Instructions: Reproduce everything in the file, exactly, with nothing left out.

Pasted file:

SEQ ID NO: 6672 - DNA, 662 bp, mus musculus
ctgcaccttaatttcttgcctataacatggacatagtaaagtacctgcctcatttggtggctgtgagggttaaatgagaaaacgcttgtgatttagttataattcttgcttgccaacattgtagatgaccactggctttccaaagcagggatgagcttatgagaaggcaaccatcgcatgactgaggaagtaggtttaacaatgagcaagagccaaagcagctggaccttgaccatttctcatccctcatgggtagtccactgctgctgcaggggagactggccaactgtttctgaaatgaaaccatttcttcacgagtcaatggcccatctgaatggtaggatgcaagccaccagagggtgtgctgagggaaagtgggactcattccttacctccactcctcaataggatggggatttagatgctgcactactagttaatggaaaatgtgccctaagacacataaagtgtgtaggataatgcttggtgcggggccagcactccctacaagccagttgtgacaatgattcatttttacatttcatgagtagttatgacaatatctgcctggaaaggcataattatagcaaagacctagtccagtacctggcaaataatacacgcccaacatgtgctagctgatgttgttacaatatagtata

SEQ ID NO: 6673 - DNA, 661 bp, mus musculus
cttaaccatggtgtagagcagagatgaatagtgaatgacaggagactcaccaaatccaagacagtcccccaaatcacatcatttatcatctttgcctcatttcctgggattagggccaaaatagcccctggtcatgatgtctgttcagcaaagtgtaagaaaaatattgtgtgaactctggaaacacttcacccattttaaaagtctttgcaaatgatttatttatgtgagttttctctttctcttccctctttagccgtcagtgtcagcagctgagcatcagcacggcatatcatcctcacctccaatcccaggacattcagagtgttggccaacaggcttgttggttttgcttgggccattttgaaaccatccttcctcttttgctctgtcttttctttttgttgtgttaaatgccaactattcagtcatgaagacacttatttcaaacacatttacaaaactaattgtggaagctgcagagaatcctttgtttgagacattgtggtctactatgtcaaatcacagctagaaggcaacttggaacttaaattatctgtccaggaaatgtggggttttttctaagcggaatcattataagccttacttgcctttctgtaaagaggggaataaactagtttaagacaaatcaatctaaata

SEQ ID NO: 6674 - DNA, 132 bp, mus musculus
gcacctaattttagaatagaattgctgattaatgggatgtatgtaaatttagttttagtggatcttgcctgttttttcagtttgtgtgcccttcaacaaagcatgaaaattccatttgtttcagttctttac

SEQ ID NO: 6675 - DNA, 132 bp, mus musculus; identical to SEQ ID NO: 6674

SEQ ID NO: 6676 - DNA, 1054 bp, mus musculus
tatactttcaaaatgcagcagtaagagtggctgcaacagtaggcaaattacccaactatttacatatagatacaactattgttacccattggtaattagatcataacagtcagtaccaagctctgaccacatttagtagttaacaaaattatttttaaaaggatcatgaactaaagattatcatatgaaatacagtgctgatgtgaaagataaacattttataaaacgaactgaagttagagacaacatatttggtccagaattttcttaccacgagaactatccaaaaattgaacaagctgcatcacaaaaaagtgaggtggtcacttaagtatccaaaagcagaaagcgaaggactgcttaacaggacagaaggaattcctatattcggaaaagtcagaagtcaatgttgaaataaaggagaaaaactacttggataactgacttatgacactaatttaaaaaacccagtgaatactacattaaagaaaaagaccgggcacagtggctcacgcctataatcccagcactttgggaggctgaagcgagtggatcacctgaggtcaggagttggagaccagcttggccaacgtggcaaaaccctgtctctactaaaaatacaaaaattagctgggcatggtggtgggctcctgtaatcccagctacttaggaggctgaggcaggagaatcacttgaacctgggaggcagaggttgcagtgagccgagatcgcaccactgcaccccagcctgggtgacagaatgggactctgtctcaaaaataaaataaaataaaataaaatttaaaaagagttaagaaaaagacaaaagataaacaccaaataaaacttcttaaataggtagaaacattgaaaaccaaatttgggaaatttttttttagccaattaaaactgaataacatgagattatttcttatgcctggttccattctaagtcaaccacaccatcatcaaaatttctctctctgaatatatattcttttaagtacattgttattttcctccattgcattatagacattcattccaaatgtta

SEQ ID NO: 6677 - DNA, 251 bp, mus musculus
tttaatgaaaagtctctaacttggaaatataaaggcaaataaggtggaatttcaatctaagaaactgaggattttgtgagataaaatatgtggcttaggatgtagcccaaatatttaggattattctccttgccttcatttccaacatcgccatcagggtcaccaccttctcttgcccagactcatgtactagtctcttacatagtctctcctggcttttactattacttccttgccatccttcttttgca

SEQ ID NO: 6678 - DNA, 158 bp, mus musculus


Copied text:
SEQ ID NO: 6672 - DNA, 662 bp, mus musculus
ctgcaccttaatttcttgcctataacatggacatagtaaagtacctgcctcatttggtggctgtgagggttaaatgagaaaacgcttgtgatttagttataattcttgcttgccaacattgtagatgaccactggctttccaaagcagggatgagcttatgagaaggcaaccatcgcatgactgaggaagtaggtttaacaatgagcaagagccaaagcagctggaccttgaccatttctcatccctcatgggtagtccactgctgctgcaggggagactggccaactgtttctgaaatgaaaccatttcttcacgagtcaatggcccatctgaatggtaggatgcaagccaccagagggtgtgctgagggaaagtgggactcattccttacctccactcctcaataggatggggatttagatgctgcactactagttaatggaaaatgtgccctaagacacataaagtgtgtaggataatgcttggtgcggggccagcactccctacaagccagttgtgacaatgattcatttttacatttcatgagtagttatgacaatatctgcctggaaaggcataattatagcaaagacctagtccagtacctggcaaataatacacgcccaacatgtgctagctgatgttgttacaatatagtata

SEQ ID NO: 6673 - DNA, 661 bp, mus musculus
cttaaccatggtgtagagcagagatgaatagtgaatgacaggagactcaccaaatccaagacagtcccccaaatcacatcatttatcatctttgcctcatttcctgggattagggccaaaatagcccctggtcatgatgtctgttcagcaaagtgtaagaaaaatattgtgtgaactctggaaacacttcacccattttaaaagtctttgcaaatgatttatttatgtgagttttctctttctcttccctctttagccgtcagtgtcagcagctgagcatcagcacggcatatcatcctcacctccaatcccaggacattcagagtgttggccaacaggcttgttggttttgcttgggccattttgaaaccatccttcctcttttgctctgtcttttctttttgttgtgttaaatgccaactattcagtcatgaagacacttatttcaaacacatttacaaaactaattgtggaagctgcagagaatcctttgtttgagacattgtggtctactatgtcaaatcacagctagaaggcaacttggaacttaaattatctgtccaggaaatgtggggttttttctaagcggaatcattataagccttacttgcctttctgtaaagaggggaataaactagtttaagacaaatcaatctaaata

SEQ ID NO: 6674 - DNA, 132 bp, mus musculus
gcacctaattttagaatagaattgctgattaatgggatgtatgtaaatttagttttagtggatcttgcctgttttttcagtttgtgtgcccttcaacaaagcatgaaaattccatttgtttcagttctttac

SEQ ID NO: 6675 - DNA, 132 bp, mus musculus; identical to SEQ ID NO: 6674

SEQ ID NO: 6676 - DNA, 1054 bp, mus musculus
tatactttcaaaatgcagcagtaagagtggctgcaacagtaggcaaattacccaactatttacatatagatacaactattgttacccattggtaattagatcataacagtcagtaccaagctctgaccacatttagtagttaacaaaattatttttaaaaggatcatgaactaaagattatcatatgaaatacagtgctgatgtgaaagataaacattttataaaacgaactgaagttagagacaacatatttggtccagaattttcttaccacgagaactatccaaaaattgaacaagctgcatcacaaaaaagtgaggtggtcacttaagtatccaaaagcagaaagcgaaggactgcttaacaggacagaaggaattcctatattcggaaaagtcagaagtcaatgttgaaataaaggagaaaaactacttggataactgacttatgacactaatttaaaaaacccagtgaatactacattaaagaaaaagaccgggcacagtggctcacgcctataatcccagcactttgggaggctgaagcgagtggatcacctgaggtcaggagttggagaccagcttggccaacgtggcaaaaccctgtctctactaaaaatacaaaaattagctgggcatggtggtgggctcctgtaatcccagctacttaggaggctgaggcaggagaatcacttgaacctgggaggcagaggttgcagtgagccgagatcgcaccactgcaccccagcctgggtgacagaatgggactctgtctcaaaaataaaataaaataaaataaaatttaaaaagagttaagaaaaagacaaaagataaacaccaaataaaacttcttaaataggtagaaacattgaaaaccaaatttgggaaatttttttttagccaattaaaactgaataacatgagattatttcttatgcctggttccattctaagtcaaccacaccatcatcaaaatttctctctctgaatatatattcttttaagtacattgttattttcctccattgcattatagacattcattccaaatgtta

SEQ ID NO: 6677 - DNA, 251 bp, mus musculus
tttaatgaaaagtctctaacttggaaatataaaggcaaataaggtggaatttcaatctaagaaactgaggattttgtgagataaaatatgtggcttaggatgtagcccaaatatttaggattattctccttgccttcatttccaacatcgccatcagggtcaccaccttctcttgcccagactcatgtactagtctcttacatagtctctcctggcttttactattacttccttgccatccttcttttgca

SEQ ID NO: 6678 - DNA, 158 bp, mus musculus